Titus Welcomes Secretary Haaland to Avi Kwa Ame
Las Vegas, Nevada, September 7, 2022 | Sara Severens (202-924-1719)
Congresswoman Dina Titus (NV-01) welcomed the Secretary of the Interior Deb Haaland to Southern Nevada to tour the proposed national monument site at Avi Kwa Ame.
LAS VEGAS, NEVADA – Today Congresswoman Dina Titus (NV-01), the author of the Avi Kwa Ame National Monument Establishment Act of 2022, welcomed the Secretary of the Interior Deb Haaland to Southern Nevada to tour the proposed national monument site at Avi Kwa Ame. The Mojave name for Spirit Mountain, Avi Kwa Ame is considered the sacred center of creation by ten Yuman-speaking tribes as well as the Hopi and Chemehuevi Paiute. In February, Congresswoman Titus introduced legislation to permanently protect these nearly 450,000 acres of biologically diverse and culturally significant lands within the Mojave Desert by designating it as a national monument.
“I was honored to welcome Secretary Haaland to Southern Nevada to meet with stakeholders, including indigenous leaders and environmentalists, to discuss the importance of protecting sacred spaces like Avi Kwa Ame,” said Rep. Titus.
“Preserving treasured spaces has always been important to me, and I am grateful for the many grassroots organizations and community leaders who have been instrumental over the years in protecting these sloping bajadas, scenic canyons, and ancient cultural sites for future generations to enjoy. I look forward to my continuing partnership with Secretary Haaland and stand ready to assist in any way I can. I am confident that after visiting the site, the Secretary will agree that it must be protected.”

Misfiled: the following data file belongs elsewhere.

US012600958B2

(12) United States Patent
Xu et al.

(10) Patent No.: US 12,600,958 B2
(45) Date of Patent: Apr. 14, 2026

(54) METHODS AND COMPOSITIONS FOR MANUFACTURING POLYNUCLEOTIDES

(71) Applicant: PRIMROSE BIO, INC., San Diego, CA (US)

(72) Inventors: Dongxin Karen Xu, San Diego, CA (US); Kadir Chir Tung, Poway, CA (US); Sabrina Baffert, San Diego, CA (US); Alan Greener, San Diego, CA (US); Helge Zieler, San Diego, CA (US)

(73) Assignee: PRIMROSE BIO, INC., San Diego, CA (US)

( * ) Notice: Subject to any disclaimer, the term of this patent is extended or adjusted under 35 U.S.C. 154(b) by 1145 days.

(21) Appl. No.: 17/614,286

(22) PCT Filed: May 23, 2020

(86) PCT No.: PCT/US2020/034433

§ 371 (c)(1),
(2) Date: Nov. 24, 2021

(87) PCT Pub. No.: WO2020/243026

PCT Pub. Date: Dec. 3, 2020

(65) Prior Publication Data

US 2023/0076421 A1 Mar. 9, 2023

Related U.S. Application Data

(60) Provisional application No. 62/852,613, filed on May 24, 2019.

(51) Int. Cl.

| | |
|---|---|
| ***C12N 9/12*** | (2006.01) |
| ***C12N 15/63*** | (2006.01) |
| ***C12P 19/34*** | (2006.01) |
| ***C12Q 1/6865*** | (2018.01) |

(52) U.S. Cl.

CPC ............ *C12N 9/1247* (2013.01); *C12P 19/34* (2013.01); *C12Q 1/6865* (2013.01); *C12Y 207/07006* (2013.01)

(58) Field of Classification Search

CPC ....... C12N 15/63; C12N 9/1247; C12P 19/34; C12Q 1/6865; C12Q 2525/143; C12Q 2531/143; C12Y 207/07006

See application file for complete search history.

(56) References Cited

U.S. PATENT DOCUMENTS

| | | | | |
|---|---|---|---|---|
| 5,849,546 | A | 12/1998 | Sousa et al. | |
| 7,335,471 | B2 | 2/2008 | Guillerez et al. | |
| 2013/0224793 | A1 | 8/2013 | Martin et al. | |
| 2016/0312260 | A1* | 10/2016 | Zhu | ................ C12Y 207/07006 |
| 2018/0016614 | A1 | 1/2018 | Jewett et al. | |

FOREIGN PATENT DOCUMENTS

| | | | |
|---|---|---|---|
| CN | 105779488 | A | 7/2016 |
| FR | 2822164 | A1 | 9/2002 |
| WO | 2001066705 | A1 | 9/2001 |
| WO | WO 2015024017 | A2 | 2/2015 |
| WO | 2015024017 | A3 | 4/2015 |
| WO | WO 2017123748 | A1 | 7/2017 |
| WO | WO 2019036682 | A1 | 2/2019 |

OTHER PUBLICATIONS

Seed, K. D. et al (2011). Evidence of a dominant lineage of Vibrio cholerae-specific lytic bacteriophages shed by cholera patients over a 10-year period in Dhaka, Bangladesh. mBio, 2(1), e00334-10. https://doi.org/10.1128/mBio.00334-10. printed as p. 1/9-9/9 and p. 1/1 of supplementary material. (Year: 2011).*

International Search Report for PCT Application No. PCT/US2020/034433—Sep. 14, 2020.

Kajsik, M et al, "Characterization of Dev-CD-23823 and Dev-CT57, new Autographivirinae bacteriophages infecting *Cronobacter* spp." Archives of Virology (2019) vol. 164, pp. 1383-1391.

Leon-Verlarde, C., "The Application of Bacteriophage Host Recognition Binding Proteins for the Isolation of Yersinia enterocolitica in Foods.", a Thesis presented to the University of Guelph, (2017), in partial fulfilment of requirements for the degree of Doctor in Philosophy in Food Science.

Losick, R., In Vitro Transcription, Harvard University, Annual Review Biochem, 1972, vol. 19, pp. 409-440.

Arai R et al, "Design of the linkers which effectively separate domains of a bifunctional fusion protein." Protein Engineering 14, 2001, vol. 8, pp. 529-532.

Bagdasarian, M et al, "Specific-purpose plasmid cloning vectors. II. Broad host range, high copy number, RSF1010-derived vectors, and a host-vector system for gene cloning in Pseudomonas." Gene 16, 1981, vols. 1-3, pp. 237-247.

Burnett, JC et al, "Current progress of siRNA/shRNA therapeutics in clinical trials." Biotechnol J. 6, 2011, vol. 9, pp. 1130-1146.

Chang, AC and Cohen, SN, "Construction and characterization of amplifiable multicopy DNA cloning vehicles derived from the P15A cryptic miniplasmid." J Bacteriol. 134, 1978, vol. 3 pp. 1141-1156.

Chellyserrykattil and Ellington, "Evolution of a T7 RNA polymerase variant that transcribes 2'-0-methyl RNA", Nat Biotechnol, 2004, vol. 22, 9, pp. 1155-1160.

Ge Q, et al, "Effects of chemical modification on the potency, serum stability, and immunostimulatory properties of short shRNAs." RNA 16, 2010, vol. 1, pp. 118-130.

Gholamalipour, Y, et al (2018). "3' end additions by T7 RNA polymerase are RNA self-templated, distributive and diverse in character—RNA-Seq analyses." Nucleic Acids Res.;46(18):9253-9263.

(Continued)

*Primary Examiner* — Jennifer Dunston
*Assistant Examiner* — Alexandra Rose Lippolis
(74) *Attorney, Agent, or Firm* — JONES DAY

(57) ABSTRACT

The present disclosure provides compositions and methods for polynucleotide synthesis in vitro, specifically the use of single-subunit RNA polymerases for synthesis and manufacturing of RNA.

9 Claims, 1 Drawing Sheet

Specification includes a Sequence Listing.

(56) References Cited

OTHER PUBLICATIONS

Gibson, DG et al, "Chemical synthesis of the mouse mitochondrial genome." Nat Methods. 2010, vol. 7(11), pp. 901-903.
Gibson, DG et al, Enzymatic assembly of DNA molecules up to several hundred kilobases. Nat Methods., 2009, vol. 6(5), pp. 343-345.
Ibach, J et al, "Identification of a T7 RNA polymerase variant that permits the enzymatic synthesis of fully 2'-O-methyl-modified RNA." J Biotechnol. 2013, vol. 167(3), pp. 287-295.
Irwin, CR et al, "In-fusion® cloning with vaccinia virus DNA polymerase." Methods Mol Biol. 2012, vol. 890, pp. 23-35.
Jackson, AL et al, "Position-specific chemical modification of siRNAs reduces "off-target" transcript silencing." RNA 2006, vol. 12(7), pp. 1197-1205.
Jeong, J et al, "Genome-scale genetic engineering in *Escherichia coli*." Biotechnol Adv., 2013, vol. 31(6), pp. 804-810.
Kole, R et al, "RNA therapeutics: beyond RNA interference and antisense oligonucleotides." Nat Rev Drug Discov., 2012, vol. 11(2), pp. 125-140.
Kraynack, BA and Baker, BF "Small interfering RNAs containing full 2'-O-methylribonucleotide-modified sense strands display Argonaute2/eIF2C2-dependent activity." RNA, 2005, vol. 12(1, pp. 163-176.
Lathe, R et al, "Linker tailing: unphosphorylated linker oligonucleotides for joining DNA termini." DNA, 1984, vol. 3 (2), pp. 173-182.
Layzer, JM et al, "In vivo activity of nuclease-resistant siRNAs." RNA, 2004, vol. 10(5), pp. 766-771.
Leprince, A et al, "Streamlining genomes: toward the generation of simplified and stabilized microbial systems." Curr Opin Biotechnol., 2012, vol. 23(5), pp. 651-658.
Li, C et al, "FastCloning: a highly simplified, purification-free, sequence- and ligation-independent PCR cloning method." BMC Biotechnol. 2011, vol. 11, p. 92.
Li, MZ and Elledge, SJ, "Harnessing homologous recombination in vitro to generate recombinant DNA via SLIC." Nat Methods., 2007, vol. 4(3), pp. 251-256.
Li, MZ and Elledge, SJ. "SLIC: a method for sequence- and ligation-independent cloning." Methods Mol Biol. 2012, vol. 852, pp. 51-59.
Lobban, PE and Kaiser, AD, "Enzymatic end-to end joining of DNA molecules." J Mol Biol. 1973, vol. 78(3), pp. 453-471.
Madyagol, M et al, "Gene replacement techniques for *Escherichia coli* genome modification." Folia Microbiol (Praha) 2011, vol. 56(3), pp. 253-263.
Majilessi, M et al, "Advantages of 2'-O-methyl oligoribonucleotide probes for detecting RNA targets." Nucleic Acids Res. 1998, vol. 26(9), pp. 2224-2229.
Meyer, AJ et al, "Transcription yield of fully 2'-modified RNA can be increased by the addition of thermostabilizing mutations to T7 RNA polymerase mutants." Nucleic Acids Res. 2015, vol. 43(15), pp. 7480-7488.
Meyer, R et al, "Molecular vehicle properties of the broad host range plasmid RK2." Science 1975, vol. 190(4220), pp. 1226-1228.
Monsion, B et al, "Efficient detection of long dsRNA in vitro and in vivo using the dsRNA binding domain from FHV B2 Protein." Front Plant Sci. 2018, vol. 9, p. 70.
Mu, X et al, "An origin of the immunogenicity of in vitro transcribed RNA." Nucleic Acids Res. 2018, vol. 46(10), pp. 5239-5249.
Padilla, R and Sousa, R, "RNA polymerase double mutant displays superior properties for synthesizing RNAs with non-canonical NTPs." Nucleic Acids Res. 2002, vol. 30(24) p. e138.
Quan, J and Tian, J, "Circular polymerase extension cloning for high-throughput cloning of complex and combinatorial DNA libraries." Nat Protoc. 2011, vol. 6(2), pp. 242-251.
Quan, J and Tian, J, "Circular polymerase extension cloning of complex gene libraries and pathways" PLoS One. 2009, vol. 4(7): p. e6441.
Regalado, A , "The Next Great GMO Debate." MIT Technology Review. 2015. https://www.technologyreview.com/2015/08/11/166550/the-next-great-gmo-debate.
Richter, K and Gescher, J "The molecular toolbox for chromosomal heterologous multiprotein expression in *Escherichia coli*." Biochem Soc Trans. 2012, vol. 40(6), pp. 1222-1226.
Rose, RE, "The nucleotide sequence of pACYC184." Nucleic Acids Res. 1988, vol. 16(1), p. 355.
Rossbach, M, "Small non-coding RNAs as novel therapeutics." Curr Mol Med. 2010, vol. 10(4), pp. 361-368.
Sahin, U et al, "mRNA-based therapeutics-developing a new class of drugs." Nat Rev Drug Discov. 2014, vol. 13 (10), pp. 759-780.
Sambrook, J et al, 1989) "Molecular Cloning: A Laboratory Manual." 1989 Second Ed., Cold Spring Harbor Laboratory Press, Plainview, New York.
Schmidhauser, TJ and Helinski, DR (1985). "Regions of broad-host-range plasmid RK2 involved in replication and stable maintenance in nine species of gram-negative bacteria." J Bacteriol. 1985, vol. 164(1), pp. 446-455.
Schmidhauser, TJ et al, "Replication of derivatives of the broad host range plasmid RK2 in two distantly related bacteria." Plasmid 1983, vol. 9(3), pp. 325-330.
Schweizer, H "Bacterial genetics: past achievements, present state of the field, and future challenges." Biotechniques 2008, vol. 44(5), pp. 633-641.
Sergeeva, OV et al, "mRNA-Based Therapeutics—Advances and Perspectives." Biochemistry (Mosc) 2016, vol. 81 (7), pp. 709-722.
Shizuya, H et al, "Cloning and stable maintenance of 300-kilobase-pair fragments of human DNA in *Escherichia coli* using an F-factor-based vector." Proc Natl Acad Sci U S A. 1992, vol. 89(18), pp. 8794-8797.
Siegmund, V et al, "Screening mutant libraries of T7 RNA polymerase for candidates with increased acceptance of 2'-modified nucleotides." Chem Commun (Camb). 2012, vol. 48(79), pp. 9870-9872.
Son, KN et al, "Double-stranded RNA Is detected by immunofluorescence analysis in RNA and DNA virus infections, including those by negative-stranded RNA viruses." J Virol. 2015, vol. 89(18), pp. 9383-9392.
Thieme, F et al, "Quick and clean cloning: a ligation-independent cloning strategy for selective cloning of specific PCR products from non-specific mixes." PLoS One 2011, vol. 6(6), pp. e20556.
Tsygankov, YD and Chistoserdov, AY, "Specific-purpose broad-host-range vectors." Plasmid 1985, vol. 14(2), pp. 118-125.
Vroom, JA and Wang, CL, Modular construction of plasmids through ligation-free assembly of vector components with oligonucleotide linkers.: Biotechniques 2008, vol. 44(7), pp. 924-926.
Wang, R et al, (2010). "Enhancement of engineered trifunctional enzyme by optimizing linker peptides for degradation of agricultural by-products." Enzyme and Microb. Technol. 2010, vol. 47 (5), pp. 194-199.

Congresswoman Titus has been a long-time champion for conserving public lands. From leading the charge to protect Gold Butte and Basin & Range to conserving Tule Springs, she believes that everyone has a responsibility to be good stewards of our nation’s unique landscapes.
In February, Congresswoman Titus introduced the Avi Kwa Ame National Monument Establishment Act of 2022, legislation to protect nearly 450,000 acres of biologically diverse and culturally significant lands within the Mojave Desert.
The proposed lands for the monument feature dramatic scenic peaks and canyons, sloping bajadas home to some of the oldest and largest Joshua trees in the world, bighorn migration routes, unique grasslands, and a rich history of petroglyphs and other ancient cultural sites sacred to a dozen Yuman-speaking Tribes in the Mountain West.
Tribal leaders and conservationists have been working for over 20 years to permanently protect Avi Kwa Ame and have coordinated with elected officials, government agencies, outdoor recreation businesses, and environmental organizations to establish the proposed monument’s boundary lines.